Sunday 17 December 2017

Can a trust shield our children from inheritance tax?

Roisin Duffy

QMy husband and I had our children quite late in life. We are concerned that we could pass away while our children are still young and want to do our utmost to provide for them should this happen.

We have heard that a trust can boost the value of what we pass onto them – as it would shield them from inheritance tax. Is this true?

Rose, Dingle, Co Kerry

Roisin replies: Increasingly families are looking at the use of trusts and other reliefs to shelter themselves from inheritance tax.

The use of trusts is beneficial where children are minors or where the parents feel that children may not have the capacity to manage an inheritance without supervision. Trusts can also be used with other reliefs to make a tax-efficient transfer to a child. For example, let's say you have an estate of €1m which you wish pass to your child. If you were passing on the estate in cash, the inheritance tax bill would come to approximately €250,000.

If the funds were put into a trust and the child was able to arrange their affairs so that they qualified for agricultural relief, their inheritance tax bill could be significantly reduced. For example, the trust might buy land with the cash and then transfer the land to the child. Using agricultural relief, the value of the land would be reduced by 90 per cent for inheritance tax purposes and the child would be deemed to take an inheritance of €100,000.

If the child had not yet inherited anything from you, he or she would be within the tax-free threshold for inheritance tax. As an inheritance of €100,000 falls below this threshold, the child would have no tax to pay on their inheritance. There may be a discretionary tax charge of 6 per cent which could be reduced to 3 per cent – depending on when the assets come out of the trust. Even if the discretionary tax came to €60,000, this is still significantly below the original tax bill of around €250,000.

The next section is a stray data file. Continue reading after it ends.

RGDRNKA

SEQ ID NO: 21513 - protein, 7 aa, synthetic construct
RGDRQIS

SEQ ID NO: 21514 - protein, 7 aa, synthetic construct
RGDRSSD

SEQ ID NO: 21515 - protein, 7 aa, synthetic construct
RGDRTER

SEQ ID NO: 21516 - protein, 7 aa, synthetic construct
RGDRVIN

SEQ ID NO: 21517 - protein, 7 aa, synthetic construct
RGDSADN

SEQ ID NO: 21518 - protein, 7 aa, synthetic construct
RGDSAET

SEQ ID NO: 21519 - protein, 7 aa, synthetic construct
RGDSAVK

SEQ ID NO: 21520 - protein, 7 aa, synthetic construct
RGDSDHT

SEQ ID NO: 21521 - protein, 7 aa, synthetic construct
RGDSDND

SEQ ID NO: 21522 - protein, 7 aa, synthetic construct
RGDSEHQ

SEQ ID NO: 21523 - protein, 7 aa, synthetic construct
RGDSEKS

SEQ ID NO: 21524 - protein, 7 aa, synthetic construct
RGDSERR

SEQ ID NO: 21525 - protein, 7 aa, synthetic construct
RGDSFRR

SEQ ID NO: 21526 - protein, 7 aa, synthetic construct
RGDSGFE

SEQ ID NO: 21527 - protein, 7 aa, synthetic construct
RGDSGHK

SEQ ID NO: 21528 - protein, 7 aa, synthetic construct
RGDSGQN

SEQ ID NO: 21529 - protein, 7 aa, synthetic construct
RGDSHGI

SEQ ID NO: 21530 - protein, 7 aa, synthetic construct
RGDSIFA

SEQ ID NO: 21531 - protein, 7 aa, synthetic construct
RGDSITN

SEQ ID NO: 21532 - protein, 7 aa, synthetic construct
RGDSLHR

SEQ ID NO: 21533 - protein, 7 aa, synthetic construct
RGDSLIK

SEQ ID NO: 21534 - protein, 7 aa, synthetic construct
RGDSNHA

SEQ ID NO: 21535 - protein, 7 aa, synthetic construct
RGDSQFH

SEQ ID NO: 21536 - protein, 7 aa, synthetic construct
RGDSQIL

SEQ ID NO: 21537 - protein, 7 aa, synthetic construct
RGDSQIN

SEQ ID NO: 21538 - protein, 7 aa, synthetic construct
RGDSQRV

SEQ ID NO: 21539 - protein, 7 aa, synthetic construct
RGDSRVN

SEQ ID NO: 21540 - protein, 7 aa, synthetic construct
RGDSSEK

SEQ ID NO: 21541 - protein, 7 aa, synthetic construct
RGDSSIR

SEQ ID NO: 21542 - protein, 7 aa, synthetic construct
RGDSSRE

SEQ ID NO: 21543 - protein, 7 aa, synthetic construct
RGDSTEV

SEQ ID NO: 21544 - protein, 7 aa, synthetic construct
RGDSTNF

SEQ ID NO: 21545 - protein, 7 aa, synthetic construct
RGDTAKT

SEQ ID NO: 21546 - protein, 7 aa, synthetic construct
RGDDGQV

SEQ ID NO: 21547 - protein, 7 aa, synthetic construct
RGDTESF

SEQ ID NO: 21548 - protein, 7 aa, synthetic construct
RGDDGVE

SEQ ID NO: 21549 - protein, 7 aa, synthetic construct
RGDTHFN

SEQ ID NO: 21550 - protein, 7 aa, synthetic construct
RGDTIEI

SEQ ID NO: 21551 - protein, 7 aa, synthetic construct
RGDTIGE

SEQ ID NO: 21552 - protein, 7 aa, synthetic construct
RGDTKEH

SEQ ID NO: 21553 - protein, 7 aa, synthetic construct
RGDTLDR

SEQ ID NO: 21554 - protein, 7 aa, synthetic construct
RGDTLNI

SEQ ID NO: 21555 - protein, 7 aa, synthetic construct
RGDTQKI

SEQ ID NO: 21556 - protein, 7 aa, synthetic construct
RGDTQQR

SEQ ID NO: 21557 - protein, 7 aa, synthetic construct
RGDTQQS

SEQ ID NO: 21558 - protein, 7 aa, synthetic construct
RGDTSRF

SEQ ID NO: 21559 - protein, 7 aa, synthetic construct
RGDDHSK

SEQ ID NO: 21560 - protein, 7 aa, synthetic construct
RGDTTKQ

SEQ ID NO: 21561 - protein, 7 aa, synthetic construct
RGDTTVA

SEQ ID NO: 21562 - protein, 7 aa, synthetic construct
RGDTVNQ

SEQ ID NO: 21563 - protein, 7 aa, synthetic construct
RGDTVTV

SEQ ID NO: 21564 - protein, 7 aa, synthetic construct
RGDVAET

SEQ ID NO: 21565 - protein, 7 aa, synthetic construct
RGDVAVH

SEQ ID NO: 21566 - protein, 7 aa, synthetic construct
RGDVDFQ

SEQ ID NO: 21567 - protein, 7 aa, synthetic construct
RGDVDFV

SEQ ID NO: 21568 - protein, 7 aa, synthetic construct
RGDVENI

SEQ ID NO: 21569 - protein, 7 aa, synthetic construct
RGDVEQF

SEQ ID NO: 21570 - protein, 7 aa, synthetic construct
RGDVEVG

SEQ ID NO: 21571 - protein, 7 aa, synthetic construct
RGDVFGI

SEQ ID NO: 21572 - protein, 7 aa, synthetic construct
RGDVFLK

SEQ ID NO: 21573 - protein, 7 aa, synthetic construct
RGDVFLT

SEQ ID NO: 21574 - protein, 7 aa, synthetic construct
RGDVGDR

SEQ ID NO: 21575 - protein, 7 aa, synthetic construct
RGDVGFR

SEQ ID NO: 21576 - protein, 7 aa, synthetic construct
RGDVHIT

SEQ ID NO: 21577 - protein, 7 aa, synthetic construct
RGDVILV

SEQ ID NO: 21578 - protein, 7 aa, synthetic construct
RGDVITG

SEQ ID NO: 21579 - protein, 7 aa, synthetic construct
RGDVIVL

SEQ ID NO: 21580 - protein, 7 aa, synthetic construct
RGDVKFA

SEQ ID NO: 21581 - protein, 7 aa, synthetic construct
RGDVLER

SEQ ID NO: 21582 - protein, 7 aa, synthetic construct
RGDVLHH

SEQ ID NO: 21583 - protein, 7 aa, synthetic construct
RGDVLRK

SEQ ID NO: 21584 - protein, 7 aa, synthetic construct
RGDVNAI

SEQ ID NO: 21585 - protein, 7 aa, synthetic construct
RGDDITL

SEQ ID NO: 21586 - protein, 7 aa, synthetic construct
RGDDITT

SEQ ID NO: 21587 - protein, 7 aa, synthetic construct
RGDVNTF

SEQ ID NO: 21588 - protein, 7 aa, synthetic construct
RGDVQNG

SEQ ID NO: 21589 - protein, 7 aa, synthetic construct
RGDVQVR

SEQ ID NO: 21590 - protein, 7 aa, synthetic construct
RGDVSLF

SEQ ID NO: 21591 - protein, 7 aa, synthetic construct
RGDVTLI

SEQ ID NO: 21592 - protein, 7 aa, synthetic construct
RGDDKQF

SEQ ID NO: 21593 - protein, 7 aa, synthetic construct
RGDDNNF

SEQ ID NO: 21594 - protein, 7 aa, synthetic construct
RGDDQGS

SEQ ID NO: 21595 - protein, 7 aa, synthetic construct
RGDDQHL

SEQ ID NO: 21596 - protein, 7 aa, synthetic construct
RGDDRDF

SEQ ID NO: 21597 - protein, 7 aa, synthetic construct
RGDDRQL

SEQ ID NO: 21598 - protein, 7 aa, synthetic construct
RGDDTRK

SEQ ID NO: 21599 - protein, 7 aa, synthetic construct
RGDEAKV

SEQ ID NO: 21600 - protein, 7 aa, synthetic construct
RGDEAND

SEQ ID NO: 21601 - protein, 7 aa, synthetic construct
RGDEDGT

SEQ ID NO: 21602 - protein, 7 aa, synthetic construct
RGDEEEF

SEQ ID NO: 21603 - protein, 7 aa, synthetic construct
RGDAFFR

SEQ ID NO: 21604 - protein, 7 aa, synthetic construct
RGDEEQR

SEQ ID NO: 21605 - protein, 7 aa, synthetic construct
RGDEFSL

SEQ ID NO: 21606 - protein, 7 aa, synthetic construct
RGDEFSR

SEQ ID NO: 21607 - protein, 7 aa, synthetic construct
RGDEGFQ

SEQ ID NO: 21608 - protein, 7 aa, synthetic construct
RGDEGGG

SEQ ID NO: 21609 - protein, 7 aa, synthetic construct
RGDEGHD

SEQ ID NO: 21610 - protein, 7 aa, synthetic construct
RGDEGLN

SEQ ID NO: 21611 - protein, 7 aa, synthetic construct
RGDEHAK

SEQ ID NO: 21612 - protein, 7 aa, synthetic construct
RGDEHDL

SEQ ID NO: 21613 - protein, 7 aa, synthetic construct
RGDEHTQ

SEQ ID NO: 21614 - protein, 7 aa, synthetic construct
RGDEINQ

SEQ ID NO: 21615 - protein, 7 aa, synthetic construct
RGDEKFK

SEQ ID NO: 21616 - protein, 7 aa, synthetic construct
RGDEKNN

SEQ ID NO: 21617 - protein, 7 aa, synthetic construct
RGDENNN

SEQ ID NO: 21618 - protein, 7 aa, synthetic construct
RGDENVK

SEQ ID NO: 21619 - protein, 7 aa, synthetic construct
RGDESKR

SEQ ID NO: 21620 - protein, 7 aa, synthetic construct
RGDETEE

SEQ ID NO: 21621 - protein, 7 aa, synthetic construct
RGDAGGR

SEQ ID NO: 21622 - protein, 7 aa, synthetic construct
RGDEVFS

Q We are a wealthy family approaching retirement and have started to plan our inheritance. We are worried about the inheritance tax bill that our children could face. Could we reduce this bill for our children – or help them escape it altogether – by moving the family abroad?

Ronald, Enniskerry, Co Wicklow

A You could help your children avoid inheritance tax by moving your entire family out of Ireland – as long as you meet a number of conditions.

If neither the person leaving the asset in their will, nor the person receiving the inheritance, is resident or ordinarily resident in Ireland, then no charge to Irish inheritance tax will apply – unless the assets are situated in Ireland. Therefore, it is feasible for a person to move their entire family outside of Ireland, sell all of their assets in Ireland, move the cash and avoid Irish inheritance tax.

However, the person receiving the inheritance must be non-ordinarily resident in Ireland – that is, he or she must have been living outside of Ireland for at least three years before they receive the inheritance.

Inheritance tax may or may not apply in the country in which the family moves to. For instance in Australia, there is no inheritance tax due by the person receiving the assets – but there may be capital gains tax due on the passing of these assets. This is different to Ireland where there is no capital gains tax due on death.

Roisin Duffy is tax director with UHY Farrelly Dawe White in Co Louth

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